Heaven, a popular venue central to the London gay scene, is not a usual setting for a hip-hop gig. But truth be told, Angel Haze, the Detroit-born, Brooklyn-based rapper does not exactly fit within the mainstream frame of hip-hop culture either. Declaring herself as a “voice of the voiceless”, candidly discussing her pansexuality, and being notorious for self-sabotage (she leaked her debut album 3 months prior to its release), she’s a promise of something new to the scene.
Entering the club, the thing I was anticipating the most, aside from Angel herself, was to see her London audience. It’s no secret that there is a massive gap between the British and American hip-hop scenes, the former being less prominent and popular than its counterpart. So I wondered, who are the Brits that enjoy getting lost in the Haze? There was no sign of ratchet divas or ghetto B-boys.
The blend of people attending was quite surprising: trendy gay boys and their fag hags, glittery gals in BOY London snapbacks, nerdy kids, and quite a few Americans. Instead of the rough hip-hop swagga, the vibe coming from the crowd seemed to be quite soft and… girly. It was not exactly what you would expect from that kind of show (aside from the Americans, naturally), yet as a fan of unexpected juxtapositions, I couldn’t complain.
Haze herself is a surprising character as well. Her songs paint a picture of an intimidating persona, ready to annihilate you with verbal venom at any minute because “her tongue is the f*king rapture”. The girl who entered the stage, wearing a simple oversized white shirt and matching white Chucks seemed more angelic than her stripper-y stage name and rough facade would suggest. With a bandana wrapped around her microphone, she resembled a hip-hop version of Steven Tyler. She may not be Aerosmith’s Demon of Screamin’, but she definitely is a Machinegun Rap Beast.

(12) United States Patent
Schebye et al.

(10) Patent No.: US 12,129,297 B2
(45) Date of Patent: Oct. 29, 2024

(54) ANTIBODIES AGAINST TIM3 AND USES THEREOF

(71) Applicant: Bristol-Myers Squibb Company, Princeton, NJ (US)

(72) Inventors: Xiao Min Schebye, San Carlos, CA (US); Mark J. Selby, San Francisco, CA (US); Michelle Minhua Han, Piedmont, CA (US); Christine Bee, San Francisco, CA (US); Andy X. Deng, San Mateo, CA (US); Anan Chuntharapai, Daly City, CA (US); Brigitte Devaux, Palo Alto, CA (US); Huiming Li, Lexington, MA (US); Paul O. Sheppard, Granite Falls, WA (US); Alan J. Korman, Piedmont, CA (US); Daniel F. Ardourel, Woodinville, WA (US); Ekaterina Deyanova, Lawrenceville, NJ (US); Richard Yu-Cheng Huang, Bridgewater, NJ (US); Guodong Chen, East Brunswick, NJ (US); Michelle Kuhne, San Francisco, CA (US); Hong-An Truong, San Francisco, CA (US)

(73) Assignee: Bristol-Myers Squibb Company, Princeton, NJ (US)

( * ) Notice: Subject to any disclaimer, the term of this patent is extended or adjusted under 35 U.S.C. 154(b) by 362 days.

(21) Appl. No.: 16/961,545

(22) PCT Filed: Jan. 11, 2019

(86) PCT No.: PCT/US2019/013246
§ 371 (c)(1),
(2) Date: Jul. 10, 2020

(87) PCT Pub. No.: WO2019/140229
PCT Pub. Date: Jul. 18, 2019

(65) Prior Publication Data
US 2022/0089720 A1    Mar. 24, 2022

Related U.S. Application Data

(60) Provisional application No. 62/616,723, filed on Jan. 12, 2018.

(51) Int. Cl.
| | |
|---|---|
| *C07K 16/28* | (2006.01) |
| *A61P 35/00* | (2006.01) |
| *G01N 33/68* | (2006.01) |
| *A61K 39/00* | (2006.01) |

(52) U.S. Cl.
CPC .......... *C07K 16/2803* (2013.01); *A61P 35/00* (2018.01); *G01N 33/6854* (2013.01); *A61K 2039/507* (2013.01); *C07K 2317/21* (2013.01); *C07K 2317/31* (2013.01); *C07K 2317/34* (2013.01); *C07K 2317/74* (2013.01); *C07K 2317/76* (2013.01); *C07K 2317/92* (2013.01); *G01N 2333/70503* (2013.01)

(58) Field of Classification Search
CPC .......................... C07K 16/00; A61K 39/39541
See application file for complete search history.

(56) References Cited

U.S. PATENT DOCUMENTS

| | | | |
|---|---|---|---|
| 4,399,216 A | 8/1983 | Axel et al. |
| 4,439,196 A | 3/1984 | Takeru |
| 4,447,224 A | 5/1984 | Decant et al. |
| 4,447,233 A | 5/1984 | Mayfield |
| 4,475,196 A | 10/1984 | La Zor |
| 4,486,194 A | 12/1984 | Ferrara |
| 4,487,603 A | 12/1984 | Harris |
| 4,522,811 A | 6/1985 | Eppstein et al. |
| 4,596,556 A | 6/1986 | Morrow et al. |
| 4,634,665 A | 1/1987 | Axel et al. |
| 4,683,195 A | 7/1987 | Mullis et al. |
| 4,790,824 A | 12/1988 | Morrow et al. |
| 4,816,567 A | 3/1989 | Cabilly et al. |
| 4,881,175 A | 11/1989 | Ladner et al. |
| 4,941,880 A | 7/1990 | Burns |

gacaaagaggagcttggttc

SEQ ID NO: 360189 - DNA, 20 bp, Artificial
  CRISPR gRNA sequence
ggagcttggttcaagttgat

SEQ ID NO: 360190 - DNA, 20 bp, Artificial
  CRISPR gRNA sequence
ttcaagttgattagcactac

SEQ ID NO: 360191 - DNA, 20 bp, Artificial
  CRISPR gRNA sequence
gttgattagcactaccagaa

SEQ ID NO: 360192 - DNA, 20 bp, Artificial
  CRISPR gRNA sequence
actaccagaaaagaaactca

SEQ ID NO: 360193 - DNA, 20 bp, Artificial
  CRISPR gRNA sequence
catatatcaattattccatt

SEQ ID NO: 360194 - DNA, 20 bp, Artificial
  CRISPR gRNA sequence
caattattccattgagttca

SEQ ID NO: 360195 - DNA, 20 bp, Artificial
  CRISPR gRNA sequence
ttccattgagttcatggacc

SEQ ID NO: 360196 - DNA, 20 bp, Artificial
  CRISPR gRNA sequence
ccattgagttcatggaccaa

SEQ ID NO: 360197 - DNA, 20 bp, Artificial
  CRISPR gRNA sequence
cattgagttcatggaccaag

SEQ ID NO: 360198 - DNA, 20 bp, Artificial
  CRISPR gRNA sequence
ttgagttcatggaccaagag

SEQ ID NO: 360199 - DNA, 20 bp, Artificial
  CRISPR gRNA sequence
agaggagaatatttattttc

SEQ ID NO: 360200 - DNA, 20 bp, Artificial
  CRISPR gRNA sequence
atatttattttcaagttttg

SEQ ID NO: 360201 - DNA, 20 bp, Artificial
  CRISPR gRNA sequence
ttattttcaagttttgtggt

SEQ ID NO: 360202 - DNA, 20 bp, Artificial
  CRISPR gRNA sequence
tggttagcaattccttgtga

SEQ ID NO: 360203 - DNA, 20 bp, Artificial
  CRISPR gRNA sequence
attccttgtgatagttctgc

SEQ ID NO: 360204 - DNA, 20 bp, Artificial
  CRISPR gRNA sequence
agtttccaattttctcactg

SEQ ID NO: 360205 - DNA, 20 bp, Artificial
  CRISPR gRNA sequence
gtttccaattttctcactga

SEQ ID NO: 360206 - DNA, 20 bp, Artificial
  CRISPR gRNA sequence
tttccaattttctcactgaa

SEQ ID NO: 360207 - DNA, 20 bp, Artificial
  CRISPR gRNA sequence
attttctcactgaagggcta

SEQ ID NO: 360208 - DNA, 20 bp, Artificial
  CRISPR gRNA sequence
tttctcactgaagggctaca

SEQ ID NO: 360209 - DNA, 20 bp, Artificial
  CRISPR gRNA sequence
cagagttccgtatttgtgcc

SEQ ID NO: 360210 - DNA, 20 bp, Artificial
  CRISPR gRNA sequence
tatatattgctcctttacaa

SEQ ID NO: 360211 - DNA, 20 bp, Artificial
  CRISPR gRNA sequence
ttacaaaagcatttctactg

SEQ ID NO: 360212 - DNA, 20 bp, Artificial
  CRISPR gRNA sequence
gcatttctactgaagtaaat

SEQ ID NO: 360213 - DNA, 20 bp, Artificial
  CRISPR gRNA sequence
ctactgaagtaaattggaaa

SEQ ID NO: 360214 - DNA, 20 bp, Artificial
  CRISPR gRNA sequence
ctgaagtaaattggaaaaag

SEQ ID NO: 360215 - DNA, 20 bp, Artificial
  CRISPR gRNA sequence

She started the show with one of her recent singles ‘Echelon (It’s My Way)’, a catchy song that is a well-balanced fusion of hip-hop and pop. She was accompanied both by a band and a turntable, yet the entourage did not overshadow her fast and furious rhyming speed. She demonstrated her sensitive side with a memorable performance of ‘Black Dahlia’, which is an address to her mother who was a member of a religious cult and one of the causes of the rapper’s demons. She emphasized the song’s personal significance by partially performing it on her knees.
Her interpretation of ‘Counting Stars’ by One Republic, which she serenaded to a fan picked from the crowd, was an unexpected yet well conducted deviation from her main set that demonstrated her skills in the pop department. Haze had a fantastic connection with the audience; effectively making the tumblr-esque crowd channel their inner ghetto realness.
During the encore she performed ‘New York’ introducing it as “the song that made her pop”. And it made her pop for a reason. With a strong electronic backdrop that amplified the “I run New York” chorus, it sounded even more invigorating live than on the record. The last song of the evening was the track with the stadium anthem potential: ‘Battle Cry’. A lucky contest winner joined Haze to perform part of the song on stage. While the fan was rapping, Haze sneaked off the stage to finish the song among her fans from the viewing balcony in the back, leading the show to a spectacular coda.
Angel Haze redefines female emancipation. Feminine yet fierce, vogue yet vitriolic, she “cuts the fake sh*t” and instead of confining herself to any kind of stereotype she transcends them, constructing her own idiosyncratic persona and delivering a soulful and strong performance.